Now the benefits of a cost share become clear – the images, which at first seemed very expensive, have become much cheaper for everyone to purchase. They’ve gone from a significant upfront cost to a much more manageable and swallowable number, even for small firms. Everyone involved gets a killer deal.
It is very important that all cost-share contracts are signed ahead of the photography being created. There is no further opportunity for a cost-share after photography has taken place; it’s pretty much a ‘get your chips in the pot before we bet’ type of situation. After photography, clients are welcome to individually license images, although at a higher cost than if they just did a cost share in the first place. It completely defeats the purpose of the cost share (and creates a lot of headache) when clients are reluctant to buy in and instead prefer to cherry-pick only the best images.
Where it gets a little messy
Sometimes things can get a little messier with cost share agreements, so it’s important to outline your terms upfront. This becomes easier if you remember that our job is 50% moving furniture, 40% pushing paper, and 10% photography. What if every company wants a representative there to tell you where to point the camera? What if a company only wants “a few” images? What if someone wants to look at them first before committing? Here are a few ground rules I lay down to alleviate potential headache.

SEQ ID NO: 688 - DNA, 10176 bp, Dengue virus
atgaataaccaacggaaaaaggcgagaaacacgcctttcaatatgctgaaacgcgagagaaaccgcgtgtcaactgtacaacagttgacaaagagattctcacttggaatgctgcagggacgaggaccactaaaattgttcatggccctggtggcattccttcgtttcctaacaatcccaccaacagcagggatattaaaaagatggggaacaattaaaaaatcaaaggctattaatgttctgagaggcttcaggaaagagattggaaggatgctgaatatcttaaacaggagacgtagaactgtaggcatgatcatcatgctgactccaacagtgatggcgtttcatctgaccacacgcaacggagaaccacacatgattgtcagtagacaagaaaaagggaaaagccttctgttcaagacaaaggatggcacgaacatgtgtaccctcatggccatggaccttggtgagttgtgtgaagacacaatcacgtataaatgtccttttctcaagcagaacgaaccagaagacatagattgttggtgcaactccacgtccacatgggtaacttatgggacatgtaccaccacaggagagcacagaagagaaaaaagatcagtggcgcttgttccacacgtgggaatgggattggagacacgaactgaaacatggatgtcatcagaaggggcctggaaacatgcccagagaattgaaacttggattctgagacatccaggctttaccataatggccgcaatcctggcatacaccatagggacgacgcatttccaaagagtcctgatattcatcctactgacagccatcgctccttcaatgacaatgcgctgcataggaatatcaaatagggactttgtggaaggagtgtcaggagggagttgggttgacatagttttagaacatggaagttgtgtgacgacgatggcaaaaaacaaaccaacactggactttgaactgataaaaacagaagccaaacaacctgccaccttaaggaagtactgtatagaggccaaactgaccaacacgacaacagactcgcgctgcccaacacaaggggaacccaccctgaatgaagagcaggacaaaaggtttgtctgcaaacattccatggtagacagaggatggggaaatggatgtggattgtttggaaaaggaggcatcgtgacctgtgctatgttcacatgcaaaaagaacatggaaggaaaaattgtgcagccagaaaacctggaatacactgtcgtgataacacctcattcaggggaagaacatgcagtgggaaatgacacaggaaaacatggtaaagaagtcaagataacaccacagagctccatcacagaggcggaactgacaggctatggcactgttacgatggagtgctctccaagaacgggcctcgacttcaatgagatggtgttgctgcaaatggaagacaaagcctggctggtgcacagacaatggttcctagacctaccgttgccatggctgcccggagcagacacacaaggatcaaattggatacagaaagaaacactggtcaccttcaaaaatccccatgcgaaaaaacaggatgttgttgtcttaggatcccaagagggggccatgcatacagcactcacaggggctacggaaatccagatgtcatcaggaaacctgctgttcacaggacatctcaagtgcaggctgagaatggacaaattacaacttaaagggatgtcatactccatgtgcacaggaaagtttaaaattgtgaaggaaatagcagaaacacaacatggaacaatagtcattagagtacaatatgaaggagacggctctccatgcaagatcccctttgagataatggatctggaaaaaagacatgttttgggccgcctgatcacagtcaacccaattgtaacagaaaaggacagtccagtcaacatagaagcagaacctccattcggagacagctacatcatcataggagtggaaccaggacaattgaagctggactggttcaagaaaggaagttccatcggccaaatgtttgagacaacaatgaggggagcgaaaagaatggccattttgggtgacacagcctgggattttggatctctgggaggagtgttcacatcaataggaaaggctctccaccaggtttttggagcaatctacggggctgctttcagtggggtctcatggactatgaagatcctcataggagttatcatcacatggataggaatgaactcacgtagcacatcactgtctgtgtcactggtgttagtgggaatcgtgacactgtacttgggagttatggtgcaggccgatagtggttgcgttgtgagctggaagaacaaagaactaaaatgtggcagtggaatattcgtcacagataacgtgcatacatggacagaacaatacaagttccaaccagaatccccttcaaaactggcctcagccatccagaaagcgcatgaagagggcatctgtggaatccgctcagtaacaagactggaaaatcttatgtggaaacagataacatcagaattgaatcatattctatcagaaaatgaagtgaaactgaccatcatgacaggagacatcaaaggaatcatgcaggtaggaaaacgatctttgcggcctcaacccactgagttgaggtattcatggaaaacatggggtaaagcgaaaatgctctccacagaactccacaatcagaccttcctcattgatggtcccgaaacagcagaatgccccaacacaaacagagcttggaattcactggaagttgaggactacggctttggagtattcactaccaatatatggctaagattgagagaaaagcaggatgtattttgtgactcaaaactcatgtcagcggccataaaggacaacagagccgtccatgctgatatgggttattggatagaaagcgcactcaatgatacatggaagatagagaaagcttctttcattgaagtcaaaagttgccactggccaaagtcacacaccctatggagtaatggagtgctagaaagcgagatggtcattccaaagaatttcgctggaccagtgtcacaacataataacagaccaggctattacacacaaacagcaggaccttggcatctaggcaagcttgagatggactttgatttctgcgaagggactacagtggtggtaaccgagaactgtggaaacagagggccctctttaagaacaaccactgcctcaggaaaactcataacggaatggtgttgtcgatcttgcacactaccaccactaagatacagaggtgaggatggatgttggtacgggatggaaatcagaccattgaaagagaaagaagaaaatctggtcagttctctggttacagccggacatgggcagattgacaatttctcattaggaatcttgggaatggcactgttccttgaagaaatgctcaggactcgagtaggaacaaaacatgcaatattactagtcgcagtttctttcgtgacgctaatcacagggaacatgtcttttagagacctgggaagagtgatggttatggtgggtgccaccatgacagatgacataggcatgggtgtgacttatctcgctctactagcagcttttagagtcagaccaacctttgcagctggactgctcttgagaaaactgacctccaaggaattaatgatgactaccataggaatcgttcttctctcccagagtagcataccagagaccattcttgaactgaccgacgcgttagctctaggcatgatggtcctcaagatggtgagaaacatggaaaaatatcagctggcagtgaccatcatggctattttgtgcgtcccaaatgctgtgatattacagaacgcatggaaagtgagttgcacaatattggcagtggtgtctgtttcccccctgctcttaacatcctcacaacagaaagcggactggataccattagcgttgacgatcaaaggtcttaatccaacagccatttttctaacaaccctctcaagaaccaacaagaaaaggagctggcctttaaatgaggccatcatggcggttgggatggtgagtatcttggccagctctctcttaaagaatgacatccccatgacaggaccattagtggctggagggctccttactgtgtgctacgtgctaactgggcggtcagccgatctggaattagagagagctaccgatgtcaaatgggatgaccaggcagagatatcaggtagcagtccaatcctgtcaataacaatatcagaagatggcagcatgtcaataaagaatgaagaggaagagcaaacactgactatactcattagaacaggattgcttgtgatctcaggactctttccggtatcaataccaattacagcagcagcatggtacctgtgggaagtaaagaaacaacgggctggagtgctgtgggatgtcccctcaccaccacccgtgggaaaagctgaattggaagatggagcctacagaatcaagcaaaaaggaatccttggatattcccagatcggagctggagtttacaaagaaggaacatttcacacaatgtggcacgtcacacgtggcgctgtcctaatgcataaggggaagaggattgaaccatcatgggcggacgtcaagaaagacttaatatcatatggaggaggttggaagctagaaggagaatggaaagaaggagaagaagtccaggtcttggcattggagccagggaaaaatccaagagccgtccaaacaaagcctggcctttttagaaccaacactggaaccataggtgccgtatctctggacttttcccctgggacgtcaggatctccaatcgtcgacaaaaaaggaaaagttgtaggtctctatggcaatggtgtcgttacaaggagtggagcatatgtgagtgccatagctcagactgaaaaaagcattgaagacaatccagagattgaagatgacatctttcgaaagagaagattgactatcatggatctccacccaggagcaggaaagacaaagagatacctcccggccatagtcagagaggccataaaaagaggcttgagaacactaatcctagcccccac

1) No more than two clients on site. This avoids a too many cooks in the kitchen scenario where everyone has a different opinion on what to feature. In most cases, the photographs for the architects and interior designers will also capture what the flooring guys need. There will be some shots that feature the sound dampening panels, the art, and so on. I’ll make a mental note of everyone who’s paying and on location make sure that we at least get one hero shot of every product, or a few shots that feature those products prominently, if possible.